|Cheng, Luisa Wai Wai|
Submitted to: Applied Microbiology and Biotechnology
Publication Type: Book / Chapter
Publication Acceptance Date: 8/23/2010
Publication Date: 12/1/2010
Citation: Land, K.M., Cheng, L.W. 2010. Botulinum neurotoxin: a deadly protease with applications to human medicine. Current Research, Technology and Education Topics in Applied Microbiology and Microbial Biotechnology. Spain. Formatex Research Center. 965-971. Interpretive Summary: Botulinum neurotoxins (BoNTs) are some of the most dangerous substances to humans. These poisons are made by a specific bacterium called Clostridium botulinum. These poisons pose bioterrorism concerns and are listed as Select Agents. Ironically, BoNT, also known as BOTOX®, is used quite liberally among the population for cosmetic reasons. Less well known are the many medical uses of BoNT. In this review, BoNTs will be explored from perspectives as human poison and medicine. New technologies to quickly detect and interfere with the poisonous effects of the BoNTs will also be presented and discussed.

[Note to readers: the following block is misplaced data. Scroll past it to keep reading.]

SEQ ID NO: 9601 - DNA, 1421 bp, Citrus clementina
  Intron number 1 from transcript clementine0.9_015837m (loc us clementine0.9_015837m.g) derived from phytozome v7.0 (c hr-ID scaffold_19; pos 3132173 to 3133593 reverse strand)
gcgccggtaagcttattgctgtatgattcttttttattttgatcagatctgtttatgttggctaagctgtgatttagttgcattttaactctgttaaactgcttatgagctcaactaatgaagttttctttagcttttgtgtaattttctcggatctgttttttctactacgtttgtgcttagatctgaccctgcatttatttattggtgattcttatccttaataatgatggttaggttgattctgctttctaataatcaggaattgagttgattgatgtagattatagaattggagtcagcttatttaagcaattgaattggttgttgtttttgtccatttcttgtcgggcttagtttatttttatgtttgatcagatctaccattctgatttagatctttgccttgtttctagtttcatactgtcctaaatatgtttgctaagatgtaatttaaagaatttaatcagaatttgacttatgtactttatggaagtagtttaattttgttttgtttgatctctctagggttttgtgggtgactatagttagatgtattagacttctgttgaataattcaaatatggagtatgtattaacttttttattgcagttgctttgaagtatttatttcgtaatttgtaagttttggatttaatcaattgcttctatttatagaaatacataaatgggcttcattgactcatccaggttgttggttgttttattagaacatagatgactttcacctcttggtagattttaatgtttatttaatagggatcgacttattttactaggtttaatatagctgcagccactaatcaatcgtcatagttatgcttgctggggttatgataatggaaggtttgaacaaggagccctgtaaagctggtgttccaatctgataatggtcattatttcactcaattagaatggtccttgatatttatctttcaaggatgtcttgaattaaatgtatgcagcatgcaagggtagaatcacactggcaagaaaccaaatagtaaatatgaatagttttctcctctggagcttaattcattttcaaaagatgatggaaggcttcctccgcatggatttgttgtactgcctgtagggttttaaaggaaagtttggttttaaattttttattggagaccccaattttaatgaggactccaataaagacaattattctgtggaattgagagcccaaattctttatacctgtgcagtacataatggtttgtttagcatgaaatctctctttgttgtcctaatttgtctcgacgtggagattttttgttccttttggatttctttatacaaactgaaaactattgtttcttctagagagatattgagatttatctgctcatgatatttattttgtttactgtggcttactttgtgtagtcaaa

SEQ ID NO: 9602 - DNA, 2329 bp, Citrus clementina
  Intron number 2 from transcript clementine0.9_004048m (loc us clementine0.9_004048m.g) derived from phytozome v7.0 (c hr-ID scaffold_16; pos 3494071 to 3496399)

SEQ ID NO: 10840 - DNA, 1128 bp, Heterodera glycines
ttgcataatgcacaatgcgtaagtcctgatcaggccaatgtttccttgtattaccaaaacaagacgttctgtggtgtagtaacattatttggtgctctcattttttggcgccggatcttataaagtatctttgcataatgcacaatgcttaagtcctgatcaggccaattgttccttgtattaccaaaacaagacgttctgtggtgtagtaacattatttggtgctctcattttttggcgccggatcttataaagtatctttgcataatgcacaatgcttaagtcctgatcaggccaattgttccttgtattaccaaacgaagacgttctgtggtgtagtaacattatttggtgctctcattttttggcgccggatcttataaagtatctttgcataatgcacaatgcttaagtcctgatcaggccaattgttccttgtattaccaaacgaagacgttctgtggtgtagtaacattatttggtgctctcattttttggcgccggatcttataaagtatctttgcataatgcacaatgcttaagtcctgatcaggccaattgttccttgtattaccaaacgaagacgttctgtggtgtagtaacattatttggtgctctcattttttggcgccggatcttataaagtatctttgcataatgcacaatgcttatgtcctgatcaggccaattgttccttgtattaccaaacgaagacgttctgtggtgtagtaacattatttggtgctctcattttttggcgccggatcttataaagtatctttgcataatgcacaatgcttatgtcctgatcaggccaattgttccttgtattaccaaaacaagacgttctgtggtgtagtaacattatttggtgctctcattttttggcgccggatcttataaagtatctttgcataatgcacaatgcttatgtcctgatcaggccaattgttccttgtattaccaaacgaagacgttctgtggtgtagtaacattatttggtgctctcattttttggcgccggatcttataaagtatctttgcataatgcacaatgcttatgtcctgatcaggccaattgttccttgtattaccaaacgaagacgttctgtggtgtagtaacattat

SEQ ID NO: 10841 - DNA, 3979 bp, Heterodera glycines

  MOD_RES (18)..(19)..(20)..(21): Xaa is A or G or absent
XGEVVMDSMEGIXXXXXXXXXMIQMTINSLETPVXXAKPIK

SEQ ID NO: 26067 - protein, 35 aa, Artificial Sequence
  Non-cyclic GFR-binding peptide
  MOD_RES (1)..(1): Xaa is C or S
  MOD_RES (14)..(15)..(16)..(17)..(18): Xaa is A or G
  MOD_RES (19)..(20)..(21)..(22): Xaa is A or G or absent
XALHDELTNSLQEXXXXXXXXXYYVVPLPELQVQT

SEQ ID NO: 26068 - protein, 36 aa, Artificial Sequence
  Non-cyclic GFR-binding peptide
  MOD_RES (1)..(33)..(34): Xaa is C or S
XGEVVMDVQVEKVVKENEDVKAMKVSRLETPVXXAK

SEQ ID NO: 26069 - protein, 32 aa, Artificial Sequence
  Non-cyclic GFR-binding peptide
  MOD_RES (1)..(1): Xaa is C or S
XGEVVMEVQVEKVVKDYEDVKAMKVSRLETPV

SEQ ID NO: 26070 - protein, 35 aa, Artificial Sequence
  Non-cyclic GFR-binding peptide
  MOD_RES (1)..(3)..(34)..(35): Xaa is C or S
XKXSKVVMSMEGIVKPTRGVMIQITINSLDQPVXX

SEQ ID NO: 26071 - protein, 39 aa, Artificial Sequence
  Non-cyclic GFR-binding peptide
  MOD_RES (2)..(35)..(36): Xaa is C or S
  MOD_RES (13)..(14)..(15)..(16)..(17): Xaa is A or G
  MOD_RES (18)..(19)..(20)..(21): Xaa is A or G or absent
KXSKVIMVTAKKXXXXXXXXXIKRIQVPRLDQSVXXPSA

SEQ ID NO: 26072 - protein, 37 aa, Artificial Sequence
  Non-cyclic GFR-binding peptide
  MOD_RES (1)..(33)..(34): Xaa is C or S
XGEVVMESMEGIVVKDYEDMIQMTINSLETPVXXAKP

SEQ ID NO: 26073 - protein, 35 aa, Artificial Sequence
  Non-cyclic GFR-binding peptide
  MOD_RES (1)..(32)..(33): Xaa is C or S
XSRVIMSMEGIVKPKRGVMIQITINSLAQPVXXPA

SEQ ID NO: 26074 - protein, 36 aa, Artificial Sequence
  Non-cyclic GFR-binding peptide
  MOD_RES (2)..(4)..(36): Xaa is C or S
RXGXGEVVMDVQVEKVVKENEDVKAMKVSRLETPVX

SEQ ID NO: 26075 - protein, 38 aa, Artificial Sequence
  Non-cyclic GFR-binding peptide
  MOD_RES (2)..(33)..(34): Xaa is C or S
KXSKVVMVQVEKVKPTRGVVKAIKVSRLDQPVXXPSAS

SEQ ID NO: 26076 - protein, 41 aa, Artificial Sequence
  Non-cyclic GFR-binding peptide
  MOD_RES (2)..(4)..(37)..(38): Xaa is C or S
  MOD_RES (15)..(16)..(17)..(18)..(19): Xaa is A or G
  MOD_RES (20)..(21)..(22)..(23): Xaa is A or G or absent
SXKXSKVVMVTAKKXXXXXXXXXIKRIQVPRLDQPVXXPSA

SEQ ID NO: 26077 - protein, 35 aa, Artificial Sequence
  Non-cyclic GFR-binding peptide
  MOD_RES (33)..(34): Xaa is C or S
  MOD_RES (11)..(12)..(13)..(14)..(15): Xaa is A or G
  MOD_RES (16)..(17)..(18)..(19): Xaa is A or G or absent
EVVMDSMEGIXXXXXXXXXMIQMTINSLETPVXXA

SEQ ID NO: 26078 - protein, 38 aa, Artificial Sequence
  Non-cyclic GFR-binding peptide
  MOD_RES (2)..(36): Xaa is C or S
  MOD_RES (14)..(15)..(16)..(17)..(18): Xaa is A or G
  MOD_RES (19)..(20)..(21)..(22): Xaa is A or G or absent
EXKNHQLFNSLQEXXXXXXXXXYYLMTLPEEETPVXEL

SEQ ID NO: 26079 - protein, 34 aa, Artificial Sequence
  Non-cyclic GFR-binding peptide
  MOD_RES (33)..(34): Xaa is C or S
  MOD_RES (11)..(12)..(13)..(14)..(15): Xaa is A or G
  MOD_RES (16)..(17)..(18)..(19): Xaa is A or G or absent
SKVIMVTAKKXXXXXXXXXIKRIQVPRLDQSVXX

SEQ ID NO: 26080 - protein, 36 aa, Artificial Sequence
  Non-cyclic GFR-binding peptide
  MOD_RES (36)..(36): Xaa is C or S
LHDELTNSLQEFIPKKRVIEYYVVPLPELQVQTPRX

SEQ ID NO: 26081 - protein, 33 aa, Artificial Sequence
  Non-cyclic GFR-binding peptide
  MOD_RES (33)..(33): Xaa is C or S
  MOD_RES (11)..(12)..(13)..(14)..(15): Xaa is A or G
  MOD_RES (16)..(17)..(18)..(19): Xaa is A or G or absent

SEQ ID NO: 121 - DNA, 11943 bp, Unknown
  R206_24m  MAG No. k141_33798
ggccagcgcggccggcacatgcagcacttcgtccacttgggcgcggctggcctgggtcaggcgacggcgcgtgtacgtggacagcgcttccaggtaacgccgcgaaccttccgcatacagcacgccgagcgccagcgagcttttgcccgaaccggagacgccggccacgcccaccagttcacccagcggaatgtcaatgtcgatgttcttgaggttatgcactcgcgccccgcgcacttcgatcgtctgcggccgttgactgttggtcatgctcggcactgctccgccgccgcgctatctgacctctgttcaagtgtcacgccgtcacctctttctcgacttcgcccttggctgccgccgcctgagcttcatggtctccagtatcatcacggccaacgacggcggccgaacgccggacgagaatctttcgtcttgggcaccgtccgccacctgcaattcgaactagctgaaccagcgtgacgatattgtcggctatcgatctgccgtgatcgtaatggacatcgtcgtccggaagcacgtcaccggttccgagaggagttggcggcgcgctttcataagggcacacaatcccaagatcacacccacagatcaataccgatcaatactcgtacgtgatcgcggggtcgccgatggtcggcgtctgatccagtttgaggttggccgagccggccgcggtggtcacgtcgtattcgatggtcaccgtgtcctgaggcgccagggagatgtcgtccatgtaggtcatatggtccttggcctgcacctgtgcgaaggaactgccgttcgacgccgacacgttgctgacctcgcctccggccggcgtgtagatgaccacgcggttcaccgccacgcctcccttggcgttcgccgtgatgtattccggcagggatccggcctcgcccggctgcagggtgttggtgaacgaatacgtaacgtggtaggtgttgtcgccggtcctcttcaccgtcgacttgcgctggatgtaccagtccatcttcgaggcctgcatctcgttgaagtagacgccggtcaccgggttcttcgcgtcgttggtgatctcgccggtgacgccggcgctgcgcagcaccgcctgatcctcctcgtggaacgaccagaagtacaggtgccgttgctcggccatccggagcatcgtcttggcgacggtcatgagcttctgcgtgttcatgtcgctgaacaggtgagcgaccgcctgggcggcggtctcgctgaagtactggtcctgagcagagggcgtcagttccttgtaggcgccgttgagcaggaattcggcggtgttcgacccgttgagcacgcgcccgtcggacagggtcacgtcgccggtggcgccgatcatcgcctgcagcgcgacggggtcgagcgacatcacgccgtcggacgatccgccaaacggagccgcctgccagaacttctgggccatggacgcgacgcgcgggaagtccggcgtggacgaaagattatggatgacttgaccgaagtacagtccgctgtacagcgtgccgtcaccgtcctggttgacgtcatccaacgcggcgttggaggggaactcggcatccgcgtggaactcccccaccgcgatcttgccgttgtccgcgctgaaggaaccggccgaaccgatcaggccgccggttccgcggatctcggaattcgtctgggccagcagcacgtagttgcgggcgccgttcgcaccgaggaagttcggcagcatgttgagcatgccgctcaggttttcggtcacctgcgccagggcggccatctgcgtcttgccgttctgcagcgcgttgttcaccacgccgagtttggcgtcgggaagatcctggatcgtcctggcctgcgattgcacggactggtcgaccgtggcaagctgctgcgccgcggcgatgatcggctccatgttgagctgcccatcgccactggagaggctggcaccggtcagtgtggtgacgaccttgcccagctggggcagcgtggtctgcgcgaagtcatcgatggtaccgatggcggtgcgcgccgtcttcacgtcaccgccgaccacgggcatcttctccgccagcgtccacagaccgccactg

Technical Abstract: Botulinum neurotoxins (BoNTs) are some of the most potent biological toxins to humans. They are synthesized by the gram-positive, spore-forming bacterium Clostridium botulinum. BoNT is secreted from the bacterium as a ~150 kDa polypeptide which is cleaved by bacterial or host proteases into a ~50 kDa light chain and a ~100 kDa heavy chain disulfide-linked protein. The light chain of the toxin contains the catalytic domain that blocks acetylcholine release from neurons and results in flaccid muscle paralysis. Four serotypes of this pathogen have thus far been associated with human foodborne contamination. Due to their potent toxicity, botulinum neurotoxins pose bioterrorism concerns and are listed as Select Agents. Ironically, BoNTs, also known as BOTOX®, are used quite liberally among the population for cosmetic reasons. Less well known are the many medical uses of BoNT, such as treatment for strabismus, cervical distonia, and an ever-increasing list of medical ailments. In this review, BoNTs will be explored from perspectives as human poisons or medicines. New technologies to identify and neutralize the effects of the toxin will also be presented and discussed.